Conservation area properties and listed buildings use secondary glazing as a solution to improve energy efficiency because once installed, it improves energy bills immediately. Installing double glazing or triple glazing, increases thermal performance even more significantly, by roughly 100% from secondary glazing.
Secondary glazing is also a less expensive option (approximately 50% less on a supply and install) and is often an easier or temporary solution for those homeowners who want to improve their energy efficiency but may not have a huge budget.
What is the average cost of secondary glazing?
Image: Pilkington's Spacia is a super fine double glazing unit, that can be used a replacement windows in period properties to get around planners, and can act as a secondary glazing while retaining the original frames.
Cost varies depending on the project. Secondary glazing can be bespoke, coloured and shaped to suit the properties they are found in. Designed to cover the existing window style and be hardly visible, the variation in styles these days even includes fully tilt out to clean units. On average, a typical secondary glazing window is around half the price of a double glazing window. The installation of secondary glazing is also better for acoustics, whether it’s keeping sound out or in.
When should you use secondary glazing over replacement windows?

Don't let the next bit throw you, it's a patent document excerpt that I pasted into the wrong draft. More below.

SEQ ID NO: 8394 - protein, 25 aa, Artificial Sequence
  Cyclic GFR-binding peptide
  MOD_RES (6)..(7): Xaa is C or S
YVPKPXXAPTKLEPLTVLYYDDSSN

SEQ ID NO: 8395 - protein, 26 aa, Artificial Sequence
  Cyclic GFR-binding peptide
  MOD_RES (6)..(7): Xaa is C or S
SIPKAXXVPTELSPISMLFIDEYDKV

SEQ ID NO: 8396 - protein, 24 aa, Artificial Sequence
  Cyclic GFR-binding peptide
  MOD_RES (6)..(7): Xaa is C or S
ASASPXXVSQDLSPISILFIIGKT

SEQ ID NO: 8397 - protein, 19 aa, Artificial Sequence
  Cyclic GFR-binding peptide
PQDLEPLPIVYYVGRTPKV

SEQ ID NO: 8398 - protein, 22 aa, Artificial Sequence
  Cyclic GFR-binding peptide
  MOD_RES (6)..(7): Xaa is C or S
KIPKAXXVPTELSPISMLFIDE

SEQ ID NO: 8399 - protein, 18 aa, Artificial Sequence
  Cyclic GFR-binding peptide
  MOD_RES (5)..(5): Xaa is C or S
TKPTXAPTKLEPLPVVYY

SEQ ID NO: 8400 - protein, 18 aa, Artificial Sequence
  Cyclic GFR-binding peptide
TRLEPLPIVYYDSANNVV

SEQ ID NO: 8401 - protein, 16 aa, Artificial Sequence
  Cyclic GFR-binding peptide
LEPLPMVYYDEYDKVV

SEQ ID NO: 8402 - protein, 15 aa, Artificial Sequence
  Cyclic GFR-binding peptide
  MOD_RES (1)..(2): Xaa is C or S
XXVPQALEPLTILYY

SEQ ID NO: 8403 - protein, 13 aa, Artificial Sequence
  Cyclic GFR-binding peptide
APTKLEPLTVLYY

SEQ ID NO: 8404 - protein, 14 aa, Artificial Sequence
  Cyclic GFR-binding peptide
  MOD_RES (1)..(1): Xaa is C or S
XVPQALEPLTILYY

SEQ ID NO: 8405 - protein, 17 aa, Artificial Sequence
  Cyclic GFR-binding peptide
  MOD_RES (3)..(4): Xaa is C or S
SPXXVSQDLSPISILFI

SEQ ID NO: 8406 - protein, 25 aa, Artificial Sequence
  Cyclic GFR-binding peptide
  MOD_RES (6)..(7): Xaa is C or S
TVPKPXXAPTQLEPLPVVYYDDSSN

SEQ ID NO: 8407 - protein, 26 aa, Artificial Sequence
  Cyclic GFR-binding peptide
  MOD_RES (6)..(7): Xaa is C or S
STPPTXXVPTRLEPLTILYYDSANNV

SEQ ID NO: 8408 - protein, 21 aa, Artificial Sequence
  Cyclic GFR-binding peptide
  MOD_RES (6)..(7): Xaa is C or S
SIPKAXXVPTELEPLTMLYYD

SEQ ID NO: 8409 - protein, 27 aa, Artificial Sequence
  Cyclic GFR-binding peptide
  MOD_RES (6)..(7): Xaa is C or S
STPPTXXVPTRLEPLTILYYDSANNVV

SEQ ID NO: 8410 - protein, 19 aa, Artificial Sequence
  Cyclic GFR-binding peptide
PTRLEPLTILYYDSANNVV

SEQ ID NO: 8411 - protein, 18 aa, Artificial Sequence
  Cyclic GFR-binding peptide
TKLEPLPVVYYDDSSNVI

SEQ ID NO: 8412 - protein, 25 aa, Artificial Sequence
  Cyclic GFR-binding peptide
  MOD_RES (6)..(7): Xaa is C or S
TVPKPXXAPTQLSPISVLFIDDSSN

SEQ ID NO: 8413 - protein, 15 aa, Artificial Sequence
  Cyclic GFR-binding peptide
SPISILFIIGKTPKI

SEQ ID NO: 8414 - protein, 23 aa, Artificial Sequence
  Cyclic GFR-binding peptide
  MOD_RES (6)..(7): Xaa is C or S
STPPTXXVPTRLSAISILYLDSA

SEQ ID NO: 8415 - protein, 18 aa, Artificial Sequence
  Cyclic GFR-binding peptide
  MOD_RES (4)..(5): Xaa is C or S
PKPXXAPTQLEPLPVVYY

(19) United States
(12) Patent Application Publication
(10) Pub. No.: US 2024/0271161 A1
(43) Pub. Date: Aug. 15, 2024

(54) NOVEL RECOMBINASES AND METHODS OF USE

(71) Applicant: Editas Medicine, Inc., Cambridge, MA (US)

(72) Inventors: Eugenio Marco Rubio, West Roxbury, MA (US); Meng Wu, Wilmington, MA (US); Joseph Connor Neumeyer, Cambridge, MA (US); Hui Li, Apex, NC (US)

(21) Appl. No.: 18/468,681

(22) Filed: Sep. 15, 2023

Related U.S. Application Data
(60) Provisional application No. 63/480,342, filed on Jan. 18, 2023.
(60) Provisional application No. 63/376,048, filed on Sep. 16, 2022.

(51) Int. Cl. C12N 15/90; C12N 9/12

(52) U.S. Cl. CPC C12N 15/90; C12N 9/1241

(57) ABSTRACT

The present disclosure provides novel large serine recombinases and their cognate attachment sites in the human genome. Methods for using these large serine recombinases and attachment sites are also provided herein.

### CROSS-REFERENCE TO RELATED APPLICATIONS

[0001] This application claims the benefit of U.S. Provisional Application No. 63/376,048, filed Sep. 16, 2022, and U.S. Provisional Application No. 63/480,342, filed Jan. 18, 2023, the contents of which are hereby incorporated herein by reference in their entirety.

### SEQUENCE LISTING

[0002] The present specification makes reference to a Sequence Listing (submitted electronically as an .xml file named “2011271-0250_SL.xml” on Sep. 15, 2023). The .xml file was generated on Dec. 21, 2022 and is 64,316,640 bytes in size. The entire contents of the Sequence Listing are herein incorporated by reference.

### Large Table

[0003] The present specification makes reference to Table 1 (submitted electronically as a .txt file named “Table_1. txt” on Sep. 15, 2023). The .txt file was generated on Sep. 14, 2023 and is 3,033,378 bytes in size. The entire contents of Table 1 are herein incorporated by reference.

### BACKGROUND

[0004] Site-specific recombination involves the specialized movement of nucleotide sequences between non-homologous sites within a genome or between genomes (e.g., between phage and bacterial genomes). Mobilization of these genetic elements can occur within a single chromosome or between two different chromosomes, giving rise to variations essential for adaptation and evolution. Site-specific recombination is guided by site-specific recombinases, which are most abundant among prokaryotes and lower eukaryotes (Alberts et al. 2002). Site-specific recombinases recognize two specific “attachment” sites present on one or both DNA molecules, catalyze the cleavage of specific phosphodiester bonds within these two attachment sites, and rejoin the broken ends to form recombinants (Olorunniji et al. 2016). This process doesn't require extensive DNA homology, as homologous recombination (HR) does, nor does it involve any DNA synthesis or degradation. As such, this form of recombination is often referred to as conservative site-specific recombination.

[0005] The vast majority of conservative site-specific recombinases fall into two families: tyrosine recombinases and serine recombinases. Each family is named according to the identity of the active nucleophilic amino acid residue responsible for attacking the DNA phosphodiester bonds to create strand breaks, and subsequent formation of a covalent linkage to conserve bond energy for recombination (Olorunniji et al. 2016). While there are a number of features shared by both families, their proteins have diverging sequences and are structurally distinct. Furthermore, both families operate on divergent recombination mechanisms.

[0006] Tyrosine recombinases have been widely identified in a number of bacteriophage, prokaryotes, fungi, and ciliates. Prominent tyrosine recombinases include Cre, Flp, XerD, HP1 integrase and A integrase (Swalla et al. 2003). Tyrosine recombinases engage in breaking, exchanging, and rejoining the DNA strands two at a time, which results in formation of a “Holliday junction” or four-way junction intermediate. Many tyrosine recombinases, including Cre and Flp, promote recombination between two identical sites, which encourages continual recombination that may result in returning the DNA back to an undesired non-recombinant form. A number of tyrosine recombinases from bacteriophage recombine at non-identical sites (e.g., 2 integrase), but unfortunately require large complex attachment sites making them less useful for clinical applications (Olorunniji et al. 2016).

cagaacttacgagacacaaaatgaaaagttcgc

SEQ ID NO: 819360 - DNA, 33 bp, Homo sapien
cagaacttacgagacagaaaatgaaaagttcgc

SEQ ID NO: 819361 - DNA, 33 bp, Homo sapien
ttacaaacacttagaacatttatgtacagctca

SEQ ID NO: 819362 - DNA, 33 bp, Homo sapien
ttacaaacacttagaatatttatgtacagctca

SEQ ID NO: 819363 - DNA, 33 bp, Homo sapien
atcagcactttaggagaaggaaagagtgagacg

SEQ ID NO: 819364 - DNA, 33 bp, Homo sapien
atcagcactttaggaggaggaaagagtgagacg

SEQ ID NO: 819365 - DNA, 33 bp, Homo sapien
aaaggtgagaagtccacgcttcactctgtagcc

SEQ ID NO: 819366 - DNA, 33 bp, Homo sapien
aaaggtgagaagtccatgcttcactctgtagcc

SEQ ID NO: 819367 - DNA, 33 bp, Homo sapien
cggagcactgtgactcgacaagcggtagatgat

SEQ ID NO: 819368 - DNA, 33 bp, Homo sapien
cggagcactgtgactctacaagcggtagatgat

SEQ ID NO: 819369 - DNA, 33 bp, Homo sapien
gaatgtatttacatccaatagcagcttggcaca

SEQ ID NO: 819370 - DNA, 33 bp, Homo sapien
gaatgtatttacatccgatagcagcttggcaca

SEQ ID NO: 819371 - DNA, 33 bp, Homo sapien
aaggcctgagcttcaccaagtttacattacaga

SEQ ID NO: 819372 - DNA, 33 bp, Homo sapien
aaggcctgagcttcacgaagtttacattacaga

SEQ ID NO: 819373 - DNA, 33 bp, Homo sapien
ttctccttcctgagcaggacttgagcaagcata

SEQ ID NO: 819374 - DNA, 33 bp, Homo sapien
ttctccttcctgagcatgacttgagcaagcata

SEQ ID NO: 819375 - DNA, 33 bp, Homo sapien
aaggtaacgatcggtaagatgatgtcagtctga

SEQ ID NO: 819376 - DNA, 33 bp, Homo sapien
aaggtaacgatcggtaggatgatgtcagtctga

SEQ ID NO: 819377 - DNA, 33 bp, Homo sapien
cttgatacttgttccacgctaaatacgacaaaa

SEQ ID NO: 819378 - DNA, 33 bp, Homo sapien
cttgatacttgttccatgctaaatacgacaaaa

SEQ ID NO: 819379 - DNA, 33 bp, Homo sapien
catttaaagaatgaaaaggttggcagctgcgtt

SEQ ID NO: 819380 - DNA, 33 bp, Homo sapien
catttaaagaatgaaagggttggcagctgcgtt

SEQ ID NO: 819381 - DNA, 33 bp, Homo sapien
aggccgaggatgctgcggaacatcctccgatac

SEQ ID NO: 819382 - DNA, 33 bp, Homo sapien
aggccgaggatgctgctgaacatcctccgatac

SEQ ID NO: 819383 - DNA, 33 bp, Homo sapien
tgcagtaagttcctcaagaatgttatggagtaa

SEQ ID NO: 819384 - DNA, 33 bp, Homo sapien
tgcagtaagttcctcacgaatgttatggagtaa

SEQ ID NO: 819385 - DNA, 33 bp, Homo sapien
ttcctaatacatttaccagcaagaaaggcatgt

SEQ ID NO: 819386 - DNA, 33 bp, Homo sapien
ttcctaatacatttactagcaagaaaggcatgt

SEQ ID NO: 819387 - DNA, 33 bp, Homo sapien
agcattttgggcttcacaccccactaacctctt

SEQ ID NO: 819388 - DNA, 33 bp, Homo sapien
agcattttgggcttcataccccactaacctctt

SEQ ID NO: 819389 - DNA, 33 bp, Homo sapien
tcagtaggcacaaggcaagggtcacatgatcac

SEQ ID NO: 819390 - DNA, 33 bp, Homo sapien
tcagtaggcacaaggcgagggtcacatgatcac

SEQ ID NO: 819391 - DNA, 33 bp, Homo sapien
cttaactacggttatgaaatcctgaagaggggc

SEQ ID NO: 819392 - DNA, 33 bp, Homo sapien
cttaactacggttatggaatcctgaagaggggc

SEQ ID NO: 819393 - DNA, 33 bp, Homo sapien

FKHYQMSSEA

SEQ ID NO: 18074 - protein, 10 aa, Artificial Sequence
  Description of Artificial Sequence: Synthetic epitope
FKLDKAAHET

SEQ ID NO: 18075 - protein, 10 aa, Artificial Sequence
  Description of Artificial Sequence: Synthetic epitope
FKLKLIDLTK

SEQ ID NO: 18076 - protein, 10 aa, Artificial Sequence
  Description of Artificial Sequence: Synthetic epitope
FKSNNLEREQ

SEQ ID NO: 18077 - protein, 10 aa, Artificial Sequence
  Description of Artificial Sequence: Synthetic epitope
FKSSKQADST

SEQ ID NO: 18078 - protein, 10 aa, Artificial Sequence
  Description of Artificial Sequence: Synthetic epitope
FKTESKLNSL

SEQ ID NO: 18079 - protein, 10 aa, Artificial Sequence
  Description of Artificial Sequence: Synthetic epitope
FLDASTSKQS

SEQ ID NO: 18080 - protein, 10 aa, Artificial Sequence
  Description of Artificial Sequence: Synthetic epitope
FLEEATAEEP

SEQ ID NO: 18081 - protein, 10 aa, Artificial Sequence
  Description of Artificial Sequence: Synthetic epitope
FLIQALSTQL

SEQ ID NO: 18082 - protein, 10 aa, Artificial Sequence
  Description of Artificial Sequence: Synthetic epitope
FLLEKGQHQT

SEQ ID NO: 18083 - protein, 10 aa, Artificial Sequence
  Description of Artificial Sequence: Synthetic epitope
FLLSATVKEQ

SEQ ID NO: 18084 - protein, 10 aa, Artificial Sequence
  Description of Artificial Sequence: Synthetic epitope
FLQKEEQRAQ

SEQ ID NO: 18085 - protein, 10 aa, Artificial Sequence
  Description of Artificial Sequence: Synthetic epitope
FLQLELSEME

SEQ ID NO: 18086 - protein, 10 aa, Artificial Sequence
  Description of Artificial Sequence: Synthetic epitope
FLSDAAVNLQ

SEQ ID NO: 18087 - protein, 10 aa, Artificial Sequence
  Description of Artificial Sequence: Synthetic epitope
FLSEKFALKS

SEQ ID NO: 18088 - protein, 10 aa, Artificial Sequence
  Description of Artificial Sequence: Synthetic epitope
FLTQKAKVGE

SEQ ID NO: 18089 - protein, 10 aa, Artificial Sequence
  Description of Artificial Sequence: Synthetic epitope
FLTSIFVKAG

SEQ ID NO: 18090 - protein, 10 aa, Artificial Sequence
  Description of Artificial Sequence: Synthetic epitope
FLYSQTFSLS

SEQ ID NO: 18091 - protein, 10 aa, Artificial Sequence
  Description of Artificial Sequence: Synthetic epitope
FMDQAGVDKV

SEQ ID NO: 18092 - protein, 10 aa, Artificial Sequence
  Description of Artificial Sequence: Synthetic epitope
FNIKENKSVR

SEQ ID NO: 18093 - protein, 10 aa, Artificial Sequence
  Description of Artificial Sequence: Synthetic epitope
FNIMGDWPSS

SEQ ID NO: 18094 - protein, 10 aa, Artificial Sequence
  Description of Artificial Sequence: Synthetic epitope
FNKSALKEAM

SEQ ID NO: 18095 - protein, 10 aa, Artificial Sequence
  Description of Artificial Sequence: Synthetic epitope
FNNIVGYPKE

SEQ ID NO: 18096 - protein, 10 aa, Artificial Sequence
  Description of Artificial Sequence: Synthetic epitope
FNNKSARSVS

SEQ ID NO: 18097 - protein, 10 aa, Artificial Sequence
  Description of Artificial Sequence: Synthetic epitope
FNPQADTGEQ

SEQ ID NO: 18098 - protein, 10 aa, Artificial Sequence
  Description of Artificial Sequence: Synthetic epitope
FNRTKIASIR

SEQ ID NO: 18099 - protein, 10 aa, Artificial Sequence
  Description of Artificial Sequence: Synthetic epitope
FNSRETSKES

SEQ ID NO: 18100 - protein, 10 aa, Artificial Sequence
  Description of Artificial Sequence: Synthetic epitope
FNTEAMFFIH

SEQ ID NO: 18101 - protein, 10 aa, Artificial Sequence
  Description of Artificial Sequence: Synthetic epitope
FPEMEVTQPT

The noise cancelling effects of secondary glazing are particularly impressive. Secondary glazing is used extensively throughout the country to combat noise pollution. It is often fully subsidised as part of government schemes to improve living conditions in particular situations such as airport flight paths and housing in proximity of railways or highways.
Secondly, in conservation areas or listed buildings where restrictions are in place. Many older public buildings like museums, schools or town halls have secondary glazing installed because the owners or local councils may have to retain the external appearance of the building. Well-installed secondary glazing is virtually invisible from the external of such a property and delivers the advantages of energy efficiency and noise reduction.
Secondary glazing also offers an added layer of security and the internal finishes that can be achieved with secondary glazing are now of such a high quality, they can be a real feature of the interior design.
What are the drawbacks of secondary glazing?
Secondary glazing is not as energy efficient as a new double or triple glazing window though it does improve energy efficiency where there are restrictions. One drawback that is sometimes mentioned is the maintenance and cleaning of secondary glazing. It can mean twice as much work when cleaning, especially when double and triple glazing can also feature self-cleaning glass. However, most modern secondary glazing panels are removable and the weight of a single glazed panel is much lighter to handle when doing so.
It has been mentioned that in some situations, secondary glazing can resolve a problem with condensation. Providing an extra barrier of glass can help regulate the extreme temperature clash of cold glass pane against warm centrally heated air though it should always be well ventilated to reduce the likelihood of condensation. Secondary glazing is not the best energy efficient glazing solution, because the seals are not as airtight as those on double and triple glazing. In addition, the thermal performance of secondary glazing is very much dependent on the condition of the prime single glazed window on a building’s exterior.
Want to learn more about the energy-saving measures available through the Green Homes Grant and get the latest news on the scheme as it happens? Sign up to the Grand Designs newsletter to receive all this and more, direct to your inbox.